CV writing for IT experts can be particularly difficult because it presents unique challenges.  You need to differentiate between demonstrating your technical expertise and identifying project deliverables.

As with all marketing documents, you need to start off with a ‘pitch’.  In this case it will be a profile, followed by one or two clear bulleted lists demonstrating skills and/or achievements. If you include here a section entitled ‘Technical Expertise’ and then clearly set out details of your technical skills, you will be off to a flying start in making that all important good first impression.  You will have ensured that the reader can immediately understand what you have to offer.

After the ‘pitch’ will come the ‘validation’.  This will be your Career History and Education and Qualifications sections in which you will demonstrate how you have acquired your skills and how you have used them for the benefit of previous employers.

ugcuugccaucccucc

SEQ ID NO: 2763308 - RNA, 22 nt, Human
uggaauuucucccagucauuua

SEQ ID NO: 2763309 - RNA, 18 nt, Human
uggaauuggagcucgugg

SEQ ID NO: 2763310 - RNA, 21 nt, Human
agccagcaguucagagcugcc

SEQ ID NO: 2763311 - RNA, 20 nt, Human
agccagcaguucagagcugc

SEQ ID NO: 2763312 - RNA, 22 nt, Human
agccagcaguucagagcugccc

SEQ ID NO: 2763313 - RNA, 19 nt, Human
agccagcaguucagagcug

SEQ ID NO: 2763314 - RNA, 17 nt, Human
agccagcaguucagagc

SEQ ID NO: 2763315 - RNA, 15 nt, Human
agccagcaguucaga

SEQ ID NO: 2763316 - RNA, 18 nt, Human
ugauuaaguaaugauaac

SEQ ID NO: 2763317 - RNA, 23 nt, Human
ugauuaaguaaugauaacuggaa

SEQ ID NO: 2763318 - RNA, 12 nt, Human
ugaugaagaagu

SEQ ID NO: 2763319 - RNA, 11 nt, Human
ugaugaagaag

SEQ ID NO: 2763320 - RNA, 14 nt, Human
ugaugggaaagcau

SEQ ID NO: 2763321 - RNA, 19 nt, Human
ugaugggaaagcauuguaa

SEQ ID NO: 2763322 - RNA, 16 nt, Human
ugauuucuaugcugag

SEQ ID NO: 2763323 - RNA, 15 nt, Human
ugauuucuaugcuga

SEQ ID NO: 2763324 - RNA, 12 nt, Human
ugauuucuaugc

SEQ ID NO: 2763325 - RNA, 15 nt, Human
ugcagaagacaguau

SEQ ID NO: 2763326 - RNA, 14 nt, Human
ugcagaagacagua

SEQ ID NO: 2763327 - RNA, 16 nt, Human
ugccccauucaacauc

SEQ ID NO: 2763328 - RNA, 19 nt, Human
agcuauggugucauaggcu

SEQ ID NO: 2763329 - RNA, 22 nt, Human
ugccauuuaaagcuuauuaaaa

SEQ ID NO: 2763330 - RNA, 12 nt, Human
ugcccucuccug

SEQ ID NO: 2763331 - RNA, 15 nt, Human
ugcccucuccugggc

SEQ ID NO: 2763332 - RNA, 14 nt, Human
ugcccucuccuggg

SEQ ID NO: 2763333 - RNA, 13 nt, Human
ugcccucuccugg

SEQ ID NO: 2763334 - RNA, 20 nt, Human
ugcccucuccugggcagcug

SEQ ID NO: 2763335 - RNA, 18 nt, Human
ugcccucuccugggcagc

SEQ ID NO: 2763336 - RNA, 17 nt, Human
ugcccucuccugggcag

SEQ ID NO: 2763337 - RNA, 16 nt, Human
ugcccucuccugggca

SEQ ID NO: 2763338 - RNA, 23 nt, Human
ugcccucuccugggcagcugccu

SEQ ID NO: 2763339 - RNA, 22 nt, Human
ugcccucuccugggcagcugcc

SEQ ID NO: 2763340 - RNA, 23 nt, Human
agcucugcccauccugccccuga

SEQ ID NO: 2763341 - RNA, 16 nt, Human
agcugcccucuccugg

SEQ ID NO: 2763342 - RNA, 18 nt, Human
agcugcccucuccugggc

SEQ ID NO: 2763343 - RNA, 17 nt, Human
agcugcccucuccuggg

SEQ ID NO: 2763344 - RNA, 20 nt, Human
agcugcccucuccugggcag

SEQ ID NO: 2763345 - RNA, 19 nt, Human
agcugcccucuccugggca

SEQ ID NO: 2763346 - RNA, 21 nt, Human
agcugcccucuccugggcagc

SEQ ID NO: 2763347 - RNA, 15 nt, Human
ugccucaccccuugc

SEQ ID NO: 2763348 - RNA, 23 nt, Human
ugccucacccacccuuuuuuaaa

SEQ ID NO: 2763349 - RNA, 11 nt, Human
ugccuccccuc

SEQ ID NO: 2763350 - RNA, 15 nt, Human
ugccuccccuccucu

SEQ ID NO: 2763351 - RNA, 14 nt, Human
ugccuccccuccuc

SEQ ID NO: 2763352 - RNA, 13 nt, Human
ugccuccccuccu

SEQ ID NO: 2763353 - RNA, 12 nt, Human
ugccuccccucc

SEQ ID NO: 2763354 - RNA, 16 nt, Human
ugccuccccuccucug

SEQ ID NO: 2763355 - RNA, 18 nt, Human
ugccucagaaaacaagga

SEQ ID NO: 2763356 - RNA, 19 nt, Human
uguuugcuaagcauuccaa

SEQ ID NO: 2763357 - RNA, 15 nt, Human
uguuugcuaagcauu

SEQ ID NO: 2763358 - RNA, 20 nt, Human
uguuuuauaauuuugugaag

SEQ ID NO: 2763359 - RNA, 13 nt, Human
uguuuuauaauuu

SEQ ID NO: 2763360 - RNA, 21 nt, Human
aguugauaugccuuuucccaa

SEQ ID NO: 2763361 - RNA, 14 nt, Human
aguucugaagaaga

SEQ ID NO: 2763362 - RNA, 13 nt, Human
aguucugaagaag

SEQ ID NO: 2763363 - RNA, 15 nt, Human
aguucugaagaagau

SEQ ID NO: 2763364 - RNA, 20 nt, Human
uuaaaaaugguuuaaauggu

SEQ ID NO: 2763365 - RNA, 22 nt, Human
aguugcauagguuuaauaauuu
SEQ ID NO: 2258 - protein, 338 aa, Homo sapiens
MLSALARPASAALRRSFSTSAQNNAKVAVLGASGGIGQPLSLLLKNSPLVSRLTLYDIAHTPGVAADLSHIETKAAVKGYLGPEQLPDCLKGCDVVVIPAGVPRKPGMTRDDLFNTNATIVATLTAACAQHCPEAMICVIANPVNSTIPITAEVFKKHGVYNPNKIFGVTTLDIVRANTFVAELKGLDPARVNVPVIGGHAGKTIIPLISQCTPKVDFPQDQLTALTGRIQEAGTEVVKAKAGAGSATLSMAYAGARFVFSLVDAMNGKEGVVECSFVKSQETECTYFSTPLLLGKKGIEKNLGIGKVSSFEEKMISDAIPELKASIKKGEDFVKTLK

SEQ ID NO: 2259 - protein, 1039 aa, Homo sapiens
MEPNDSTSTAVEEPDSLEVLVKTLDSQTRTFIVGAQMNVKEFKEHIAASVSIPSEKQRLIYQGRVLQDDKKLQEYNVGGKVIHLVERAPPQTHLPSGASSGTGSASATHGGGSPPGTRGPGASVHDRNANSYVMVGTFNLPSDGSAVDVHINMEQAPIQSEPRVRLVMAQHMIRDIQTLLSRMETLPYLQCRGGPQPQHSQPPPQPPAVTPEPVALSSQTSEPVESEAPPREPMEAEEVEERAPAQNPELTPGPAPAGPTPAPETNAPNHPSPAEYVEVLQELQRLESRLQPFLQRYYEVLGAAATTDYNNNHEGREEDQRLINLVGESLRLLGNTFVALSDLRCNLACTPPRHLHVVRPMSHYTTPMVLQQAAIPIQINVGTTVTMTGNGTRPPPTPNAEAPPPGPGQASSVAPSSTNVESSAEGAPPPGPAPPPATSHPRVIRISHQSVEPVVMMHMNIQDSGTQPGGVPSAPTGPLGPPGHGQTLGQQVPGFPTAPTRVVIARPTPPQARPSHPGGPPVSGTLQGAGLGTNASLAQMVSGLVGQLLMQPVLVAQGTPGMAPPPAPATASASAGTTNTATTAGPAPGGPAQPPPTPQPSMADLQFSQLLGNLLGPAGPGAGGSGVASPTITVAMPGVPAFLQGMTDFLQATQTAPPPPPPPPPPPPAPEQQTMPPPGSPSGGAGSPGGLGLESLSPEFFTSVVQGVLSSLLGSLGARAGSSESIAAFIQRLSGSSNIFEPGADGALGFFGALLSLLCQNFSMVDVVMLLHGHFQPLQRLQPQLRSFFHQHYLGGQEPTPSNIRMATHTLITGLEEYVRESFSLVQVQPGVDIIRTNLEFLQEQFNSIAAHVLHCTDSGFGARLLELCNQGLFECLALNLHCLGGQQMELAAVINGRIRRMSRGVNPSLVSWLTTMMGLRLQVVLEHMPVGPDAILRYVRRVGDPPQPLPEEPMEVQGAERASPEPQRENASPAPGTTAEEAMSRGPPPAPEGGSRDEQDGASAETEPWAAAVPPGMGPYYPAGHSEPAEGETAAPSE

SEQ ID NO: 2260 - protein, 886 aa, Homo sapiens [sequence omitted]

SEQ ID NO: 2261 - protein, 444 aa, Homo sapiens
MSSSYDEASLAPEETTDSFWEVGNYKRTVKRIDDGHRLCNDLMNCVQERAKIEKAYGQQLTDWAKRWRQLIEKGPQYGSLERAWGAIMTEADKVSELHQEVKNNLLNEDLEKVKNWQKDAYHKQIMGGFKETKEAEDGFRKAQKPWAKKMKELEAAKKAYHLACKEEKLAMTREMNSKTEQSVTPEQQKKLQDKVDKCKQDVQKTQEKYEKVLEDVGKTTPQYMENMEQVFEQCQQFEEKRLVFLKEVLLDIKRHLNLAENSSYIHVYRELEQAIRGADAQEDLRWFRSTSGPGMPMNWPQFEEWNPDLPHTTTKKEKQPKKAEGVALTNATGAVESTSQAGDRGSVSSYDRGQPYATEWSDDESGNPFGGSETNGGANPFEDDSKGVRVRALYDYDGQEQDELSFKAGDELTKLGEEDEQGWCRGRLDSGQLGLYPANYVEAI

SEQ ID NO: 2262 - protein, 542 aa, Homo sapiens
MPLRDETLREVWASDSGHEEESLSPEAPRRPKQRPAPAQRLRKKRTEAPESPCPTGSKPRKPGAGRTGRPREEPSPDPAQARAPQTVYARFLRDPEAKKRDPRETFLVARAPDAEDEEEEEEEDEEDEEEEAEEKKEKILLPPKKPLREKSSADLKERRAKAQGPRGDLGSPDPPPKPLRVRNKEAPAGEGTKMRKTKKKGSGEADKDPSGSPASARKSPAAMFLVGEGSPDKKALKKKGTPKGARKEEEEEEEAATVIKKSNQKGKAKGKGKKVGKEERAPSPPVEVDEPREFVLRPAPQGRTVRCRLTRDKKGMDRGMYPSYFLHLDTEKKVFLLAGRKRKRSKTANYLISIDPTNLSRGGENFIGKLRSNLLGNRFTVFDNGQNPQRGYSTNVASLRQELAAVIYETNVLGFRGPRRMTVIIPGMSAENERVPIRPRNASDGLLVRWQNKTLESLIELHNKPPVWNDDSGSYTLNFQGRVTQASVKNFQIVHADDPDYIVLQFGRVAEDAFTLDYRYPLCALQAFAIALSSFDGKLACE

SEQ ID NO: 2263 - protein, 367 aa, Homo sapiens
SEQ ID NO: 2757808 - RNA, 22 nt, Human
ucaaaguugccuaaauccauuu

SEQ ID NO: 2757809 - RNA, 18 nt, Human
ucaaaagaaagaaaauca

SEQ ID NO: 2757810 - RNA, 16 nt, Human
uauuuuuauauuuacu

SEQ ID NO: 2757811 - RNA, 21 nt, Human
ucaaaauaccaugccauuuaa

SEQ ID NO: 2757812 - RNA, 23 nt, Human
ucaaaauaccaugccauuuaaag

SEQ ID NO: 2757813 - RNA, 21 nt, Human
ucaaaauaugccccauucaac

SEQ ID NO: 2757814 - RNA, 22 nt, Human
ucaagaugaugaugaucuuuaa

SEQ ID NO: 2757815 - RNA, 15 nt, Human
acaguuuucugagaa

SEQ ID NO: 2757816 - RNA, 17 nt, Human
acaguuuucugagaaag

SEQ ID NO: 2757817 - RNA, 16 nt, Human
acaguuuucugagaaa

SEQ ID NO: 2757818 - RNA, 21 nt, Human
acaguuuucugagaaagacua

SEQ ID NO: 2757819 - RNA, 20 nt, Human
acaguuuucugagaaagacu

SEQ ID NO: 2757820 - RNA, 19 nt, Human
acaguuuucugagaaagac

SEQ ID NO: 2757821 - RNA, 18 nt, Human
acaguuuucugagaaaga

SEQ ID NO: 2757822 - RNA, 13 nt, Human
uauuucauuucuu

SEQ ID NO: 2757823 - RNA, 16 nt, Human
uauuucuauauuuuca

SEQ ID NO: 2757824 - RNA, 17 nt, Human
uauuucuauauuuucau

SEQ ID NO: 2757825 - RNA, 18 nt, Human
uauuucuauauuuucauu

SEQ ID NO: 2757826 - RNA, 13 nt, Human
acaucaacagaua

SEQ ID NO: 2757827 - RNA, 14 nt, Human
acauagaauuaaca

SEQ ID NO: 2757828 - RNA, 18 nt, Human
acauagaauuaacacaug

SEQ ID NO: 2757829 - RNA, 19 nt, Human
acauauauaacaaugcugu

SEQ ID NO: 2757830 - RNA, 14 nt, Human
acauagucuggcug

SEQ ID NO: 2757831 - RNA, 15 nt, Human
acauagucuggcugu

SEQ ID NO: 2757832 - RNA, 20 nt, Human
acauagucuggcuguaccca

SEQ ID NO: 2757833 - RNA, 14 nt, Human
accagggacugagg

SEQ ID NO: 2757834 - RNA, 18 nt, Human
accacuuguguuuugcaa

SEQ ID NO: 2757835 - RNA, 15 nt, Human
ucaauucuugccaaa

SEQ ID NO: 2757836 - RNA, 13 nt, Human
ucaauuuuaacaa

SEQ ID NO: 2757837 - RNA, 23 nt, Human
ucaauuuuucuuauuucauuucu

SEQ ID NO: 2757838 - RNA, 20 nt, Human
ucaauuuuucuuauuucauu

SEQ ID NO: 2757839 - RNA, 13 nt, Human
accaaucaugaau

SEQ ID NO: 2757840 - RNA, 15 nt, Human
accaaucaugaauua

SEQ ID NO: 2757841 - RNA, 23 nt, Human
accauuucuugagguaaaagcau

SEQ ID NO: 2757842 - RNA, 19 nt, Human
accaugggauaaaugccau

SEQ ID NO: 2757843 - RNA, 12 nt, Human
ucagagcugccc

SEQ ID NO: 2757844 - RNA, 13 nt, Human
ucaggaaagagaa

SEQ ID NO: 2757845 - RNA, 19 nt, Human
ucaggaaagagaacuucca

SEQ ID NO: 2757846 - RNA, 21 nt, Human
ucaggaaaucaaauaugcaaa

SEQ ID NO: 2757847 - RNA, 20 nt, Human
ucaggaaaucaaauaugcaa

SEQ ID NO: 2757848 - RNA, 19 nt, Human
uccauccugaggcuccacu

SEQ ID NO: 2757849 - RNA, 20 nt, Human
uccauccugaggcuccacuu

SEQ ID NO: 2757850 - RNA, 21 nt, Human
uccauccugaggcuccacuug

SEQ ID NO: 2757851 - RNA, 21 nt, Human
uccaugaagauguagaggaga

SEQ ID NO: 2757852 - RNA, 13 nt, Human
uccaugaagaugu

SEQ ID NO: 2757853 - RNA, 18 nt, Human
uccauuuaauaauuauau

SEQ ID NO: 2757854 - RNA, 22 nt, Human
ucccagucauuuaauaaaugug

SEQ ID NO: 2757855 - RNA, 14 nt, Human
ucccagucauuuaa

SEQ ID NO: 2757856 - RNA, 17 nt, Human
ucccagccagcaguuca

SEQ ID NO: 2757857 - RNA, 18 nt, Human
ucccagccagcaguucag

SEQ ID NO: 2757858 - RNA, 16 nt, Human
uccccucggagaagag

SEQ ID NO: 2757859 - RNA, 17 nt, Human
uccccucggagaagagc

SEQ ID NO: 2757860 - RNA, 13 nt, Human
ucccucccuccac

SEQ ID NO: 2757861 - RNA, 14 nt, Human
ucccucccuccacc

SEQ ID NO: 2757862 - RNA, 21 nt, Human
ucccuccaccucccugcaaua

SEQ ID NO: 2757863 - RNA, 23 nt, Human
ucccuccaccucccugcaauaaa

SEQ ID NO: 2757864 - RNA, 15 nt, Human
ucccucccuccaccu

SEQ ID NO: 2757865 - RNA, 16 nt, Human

There is a very real danger, and it is a trap that many people fall into, that in describing your technical expertise you forget to explain what practical results you were seeking to achieve.  You will have already specified the technical expertise that you can offer at the beginning of the CV, so it is not necessary to go into very great detail about the technologies which were used for each project.  By all means mention them, but avoid using jargon or acronyms unless you are very sure that the reader will understand what they mean.

Remember that technology is simply a set of tools which you are using to deliver end results.  By specifying outcomes and the context within which you used the tools, you are able to demonstrate that your use of IT was expert and effective. That is what you really need your CV to tell employers, so that they can recognise you as the ideal candidate for the job they have on offer.

]]> 0